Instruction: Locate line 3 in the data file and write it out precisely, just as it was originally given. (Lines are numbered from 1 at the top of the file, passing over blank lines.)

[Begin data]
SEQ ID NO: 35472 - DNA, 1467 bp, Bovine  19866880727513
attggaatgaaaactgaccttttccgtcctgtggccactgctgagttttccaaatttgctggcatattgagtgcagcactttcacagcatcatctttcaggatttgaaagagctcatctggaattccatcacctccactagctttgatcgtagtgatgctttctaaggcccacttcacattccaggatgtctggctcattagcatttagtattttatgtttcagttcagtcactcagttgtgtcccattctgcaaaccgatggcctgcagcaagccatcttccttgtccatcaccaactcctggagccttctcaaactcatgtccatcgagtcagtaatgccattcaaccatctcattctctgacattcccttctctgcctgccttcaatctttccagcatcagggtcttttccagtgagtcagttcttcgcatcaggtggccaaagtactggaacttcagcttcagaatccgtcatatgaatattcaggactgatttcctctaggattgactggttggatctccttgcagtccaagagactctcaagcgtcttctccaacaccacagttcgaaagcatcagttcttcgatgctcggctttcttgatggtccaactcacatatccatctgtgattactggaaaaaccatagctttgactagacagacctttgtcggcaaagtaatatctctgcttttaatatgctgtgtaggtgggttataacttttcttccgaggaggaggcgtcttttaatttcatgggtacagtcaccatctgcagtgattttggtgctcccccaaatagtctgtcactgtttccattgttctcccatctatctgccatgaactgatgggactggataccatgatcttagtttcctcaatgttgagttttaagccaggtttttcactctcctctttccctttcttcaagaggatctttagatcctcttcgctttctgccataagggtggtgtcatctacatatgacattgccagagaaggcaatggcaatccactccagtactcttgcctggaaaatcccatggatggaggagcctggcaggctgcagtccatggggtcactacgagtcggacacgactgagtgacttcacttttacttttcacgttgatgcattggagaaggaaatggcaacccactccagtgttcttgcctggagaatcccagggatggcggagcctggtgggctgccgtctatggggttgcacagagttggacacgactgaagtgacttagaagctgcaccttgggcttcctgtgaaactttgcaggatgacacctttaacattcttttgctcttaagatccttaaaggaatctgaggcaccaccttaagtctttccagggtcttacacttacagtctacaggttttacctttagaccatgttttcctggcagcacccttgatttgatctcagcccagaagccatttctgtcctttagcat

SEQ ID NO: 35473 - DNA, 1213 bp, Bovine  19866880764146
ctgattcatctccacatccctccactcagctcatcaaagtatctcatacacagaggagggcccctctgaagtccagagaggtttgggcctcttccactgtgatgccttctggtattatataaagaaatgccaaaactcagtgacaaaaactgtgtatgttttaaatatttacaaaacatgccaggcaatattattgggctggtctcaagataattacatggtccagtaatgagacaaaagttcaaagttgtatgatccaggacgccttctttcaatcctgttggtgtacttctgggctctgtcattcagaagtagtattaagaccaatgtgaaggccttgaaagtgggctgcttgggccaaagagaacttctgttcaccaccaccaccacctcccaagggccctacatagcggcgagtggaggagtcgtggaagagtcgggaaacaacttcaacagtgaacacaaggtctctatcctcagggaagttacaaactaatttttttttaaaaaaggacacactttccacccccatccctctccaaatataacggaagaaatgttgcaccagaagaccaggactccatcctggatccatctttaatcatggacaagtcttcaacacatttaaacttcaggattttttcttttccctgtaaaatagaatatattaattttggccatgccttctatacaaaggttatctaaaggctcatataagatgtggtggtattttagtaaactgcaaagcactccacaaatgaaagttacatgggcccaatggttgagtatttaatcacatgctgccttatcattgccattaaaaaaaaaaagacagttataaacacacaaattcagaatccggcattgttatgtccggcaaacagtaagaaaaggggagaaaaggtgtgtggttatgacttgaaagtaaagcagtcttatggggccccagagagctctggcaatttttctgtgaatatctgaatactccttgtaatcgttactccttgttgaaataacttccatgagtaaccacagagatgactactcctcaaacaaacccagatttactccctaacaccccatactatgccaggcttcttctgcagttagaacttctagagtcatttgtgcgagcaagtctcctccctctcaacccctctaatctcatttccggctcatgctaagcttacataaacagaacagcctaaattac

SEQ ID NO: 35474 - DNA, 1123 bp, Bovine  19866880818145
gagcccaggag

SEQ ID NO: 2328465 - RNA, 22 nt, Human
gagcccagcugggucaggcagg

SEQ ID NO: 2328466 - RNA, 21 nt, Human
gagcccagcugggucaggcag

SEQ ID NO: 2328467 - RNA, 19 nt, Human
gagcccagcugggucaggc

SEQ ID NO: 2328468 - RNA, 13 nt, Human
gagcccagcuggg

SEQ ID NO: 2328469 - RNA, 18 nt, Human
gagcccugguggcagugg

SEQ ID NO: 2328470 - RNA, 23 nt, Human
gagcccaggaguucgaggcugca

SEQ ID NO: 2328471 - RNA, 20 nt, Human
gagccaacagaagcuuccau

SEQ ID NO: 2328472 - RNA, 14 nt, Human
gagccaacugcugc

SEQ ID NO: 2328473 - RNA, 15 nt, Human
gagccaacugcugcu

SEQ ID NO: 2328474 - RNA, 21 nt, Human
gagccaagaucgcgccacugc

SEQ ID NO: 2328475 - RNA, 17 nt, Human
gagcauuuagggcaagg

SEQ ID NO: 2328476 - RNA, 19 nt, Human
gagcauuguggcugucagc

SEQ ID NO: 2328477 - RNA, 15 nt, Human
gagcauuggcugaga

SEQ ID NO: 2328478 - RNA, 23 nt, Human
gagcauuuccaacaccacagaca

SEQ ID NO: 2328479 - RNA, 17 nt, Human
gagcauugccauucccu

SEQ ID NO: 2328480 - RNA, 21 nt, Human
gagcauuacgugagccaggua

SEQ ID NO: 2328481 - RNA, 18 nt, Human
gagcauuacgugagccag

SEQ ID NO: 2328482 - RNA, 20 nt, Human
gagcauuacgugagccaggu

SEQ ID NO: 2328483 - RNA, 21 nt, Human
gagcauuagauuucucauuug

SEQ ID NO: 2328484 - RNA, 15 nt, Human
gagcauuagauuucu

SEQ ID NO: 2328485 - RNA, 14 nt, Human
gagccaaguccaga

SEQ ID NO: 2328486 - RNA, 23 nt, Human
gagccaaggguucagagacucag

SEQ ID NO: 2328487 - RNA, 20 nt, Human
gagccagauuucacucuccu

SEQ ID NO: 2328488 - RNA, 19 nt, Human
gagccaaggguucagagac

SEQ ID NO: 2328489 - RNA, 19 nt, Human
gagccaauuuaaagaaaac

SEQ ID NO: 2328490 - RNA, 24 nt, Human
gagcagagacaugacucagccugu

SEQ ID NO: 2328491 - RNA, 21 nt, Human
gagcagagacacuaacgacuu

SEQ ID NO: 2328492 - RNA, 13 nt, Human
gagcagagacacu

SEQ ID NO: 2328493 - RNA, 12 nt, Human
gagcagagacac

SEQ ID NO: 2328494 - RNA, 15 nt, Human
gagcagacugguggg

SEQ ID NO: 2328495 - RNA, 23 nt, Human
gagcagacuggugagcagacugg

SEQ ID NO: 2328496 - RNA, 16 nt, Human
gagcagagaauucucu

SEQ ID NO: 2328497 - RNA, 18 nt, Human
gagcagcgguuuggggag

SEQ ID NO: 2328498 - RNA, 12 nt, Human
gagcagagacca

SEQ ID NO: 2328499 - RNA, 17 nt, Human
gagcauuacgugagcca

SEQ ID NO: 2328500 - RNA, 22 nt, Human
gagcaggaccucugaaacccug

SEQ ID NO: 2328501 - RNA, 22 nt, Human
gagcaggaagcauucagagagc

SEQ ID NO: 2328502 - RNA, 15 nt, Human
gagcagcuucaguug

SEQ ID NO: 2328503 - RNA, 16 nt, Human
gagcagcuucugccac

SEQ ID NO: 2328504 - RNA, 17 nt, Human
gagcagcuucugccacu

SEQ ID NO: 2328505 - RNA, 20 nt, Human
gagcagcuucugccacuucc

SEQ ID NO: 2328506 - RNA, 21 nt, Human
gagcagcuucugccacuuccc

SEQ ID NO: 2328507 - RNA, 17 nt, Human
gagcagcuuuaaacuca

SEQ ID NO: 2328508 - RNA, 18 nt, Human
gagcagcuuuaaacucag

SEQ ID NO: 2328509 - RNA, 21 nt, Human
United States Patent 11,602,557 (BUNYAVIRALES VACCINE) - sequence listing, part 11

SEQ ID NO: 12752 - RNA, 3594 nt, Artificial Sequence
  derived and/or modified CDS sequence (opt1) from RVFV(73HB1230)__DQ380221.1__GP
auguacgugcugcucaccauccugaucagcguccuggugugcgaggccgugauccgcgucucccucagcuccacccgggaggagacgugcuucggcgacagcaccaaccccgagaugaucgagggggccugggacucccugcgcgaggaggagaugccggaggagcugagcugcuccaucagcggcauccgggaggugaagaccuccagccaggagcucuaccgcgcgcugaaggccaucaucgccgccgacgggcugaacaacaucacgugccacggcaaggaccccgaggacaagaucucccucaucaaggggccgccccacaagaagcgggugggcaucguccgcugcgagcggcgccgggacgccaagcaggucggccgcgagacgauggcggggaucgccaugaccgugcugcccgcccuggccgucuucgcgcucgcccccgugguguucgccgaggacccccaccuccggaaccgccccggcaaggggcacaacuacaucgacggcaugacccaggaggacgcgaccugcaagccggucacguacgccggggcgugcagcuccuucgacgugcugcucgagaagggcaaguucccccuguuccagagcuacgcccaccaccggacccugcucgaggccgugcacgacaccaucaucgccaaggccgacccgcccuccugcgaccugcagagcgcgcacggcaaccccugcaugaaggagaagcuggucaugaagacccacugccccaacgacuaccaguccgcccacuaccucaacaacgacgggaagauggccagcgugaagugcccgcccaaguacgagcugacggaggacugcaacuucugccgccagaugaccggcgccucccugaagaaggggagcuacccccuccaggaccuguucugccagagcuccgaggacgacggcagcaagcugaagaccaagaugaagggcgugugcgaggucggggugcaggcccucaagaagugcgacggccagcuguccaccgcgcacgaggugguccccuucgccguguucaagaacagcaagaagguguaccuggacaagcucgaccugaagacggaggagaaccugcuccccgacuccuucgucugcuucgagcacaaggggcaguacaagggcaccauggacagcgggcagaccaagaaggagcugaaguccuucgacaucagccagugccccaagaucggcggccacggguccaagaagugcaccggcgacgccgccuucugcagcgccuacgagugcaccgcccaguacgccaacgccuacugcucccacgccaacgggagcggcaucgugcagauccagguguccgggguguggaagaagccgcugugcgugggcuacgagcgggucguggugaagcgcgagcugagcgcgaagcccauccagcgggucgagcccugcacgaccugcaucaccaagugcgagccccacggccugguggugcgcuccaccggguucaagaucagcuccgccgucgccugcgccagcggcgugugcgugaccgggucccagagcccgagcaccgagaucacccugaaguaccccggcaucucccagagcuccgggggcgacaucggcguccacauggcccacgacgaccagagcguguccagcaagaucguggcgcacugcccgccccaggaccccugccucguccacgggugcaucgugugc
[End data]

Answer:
SEQ ID NO: 35473 - DNA, 1213 bp, Bovine  19866880764146